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Crew Dragon makes first space station stopover

Crew Dragon
SpaceX’s Crew Dragon is docked to the International Space Station. (NASA TV via YouTube)

SpaceX’s Crew Dragon spaceship docked with the International Space Station for the first time today, marking a successful uncrewed rehearsal of the procedure that astronauts will go through when they make their first arrival with the next flight.

The 27-foot-long spacecraft made contact with a docking adapter on the space station’s Harmony module at 2:51 a.m. PT, as the station flew 250 miles above the Pacific Ocean just north of New Zealand. That “soft docking” was the first step in an hours-long procedure to latch the Crew Dragon securely to the station, hook up power and data connections, and clear the way for hatch opening.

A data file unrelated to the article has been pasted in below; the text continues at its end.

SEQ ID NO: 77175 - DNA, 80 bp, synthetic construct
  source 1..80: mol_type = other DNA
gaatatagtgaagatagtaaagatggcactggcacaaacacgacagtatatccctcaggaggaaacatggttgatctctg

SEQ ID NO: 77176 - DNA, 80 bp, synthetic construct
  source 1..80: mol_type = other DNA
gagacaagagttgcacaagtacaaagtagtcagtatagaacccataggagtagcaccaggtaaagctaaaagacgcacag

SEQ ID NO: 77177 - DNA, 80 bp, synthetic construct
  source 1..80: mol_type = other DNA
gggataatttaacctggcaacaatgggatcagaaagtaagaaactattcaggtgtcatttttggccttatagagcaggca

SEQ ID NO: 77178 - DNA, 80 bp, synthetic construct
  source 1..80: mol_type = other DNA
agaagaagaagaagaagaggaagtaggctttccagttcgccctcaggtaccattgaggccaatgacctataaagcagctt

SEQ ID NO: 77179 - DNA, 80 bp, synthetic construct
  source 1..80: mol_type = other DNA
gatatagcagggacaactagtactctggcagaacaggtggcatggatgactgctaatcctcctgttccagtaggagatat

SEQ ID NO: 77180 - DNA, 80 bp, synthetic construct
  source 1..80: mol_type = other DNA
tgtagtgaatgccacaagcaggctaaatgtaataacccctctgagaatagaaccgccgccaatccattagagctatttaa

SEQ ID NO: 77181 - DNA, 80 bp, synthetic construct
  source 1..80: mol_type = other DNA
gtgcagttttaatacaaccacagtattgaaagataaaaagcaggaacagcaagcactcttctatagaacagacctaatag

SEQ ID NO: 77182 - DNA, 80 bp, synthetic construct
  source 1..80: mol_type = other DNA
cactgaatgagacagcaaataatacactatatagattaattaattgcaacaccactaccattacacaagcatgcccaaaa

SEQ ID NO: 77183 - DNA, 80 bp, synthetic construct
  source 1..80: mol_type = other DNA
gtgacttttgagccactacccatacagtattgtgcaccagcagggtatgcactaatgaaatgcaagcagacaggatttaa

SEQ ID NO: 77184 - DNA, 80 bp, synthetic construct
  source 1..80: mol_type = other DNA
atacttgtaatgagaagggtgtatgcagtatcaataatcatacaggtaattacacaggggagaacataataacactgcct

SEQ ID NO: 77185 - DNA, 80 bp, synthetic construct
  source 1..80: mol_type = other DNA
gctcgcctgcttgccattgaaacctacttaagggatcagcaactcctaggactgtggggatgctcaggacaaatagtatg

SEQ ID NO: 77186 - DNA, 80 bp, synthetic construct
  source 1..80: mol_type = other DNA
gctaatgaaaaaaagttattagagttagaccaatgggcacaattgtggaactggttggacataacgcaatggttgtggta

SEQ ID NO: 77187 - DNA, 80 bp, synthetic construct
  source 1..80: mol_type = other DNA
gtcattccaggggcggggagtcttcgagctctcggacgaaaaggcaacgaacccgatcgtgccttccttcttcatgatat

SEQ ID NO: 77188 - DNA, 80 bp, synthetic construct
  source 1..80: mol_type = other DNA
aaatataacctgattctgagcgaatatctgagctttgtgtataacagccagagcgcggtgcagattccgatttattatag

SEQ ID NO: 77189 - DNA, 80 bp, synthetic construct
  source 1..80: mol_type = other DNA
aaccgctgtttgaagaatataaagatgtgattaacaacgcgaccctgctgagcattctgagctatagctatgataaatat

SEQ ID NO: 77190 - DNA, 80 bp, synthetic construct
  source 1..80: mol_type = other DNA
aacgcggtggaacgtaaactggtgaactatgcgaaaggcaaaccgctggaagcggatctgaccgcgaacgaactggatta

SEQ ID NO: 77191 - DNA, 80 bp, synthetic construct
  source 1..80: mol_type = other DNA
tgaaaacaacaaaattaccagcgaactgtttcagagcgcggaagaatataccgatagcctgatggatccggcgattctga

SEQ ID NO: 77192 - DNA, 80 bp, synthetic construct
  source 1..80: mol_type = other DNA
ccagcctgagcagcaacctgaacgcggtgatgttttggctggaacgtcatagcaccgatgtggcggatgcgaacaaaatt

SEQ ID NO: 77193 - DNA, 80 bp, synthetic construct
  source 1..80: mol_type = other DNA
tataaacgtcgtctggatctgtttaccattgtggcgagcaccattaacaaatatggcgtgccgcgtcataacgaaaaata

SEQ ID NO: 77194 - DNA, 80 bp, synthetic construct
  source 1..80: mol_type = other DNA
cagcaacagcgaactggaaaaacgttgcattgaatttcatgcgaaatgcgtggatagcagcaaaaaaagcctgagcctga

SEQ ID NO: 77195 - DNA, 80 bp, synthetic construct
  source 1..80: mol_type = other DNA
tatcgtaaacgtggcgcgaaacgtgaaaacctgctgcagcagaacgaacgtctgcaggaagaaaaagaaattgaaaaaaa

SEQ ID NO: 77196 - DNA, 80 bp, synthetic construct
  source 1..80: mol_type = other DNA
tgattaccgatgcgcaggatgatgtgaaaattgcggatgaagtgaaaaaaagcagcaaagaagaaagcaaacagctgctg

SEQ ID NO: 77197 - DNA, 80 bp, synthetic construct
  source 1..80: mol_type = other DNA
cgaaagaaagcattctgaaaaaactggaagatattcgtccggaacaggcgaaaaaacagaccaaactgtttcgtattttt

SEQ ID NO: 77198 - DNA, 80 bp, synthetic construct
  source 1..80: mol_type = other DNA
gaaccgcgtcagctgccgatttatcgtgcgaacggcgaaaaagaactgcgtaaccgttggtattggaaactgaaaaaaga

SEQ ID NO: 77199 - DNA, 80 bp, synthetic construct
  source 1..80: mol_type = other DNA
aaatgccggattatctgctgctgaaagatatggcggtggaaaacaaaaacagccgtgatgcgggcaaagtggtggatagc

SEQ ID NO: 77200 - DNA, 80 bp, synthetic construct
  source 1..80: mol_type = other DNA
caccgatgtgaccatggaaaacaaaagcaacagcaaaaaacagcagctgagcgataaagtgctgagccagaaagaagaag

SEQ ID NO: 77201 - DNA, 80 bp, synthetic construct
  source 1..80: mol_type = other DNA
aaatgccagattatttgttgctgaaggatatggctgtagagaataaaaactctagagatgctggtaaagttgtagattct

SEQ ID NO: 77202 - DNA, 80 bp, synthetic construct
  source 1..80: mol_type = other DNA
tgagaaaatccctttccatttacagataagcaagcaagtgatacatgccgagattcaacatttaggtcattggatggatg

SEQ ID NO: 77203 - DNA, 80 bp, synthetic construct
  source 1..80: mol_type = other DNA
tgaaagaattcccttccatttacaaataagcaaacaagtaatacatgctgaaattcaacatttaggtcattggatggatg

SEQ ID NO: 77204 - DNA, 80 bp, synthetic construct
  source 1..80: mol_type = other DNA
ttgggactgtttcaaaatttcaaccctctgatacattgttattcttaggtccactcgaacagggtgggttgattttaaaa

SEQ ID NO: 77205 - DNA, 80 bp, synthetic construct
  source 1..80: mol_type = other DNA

“Congratulations to all of the teams on a successful docking,” NASA astronaut Anne McClain radioed from the station. The news was greeted with cheers at SpaceX’s headquarters in Hawthorne, Calif.

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By Alan Boyle

Mastermind of Cosmic Log, contributing editor at GeekWire, author of "The Case for Pluto: How a Little Planet Made a Big Difference," president of the Council for the Advancement of Science Writing. Check out "About Alan Boyle" for more fun facts.

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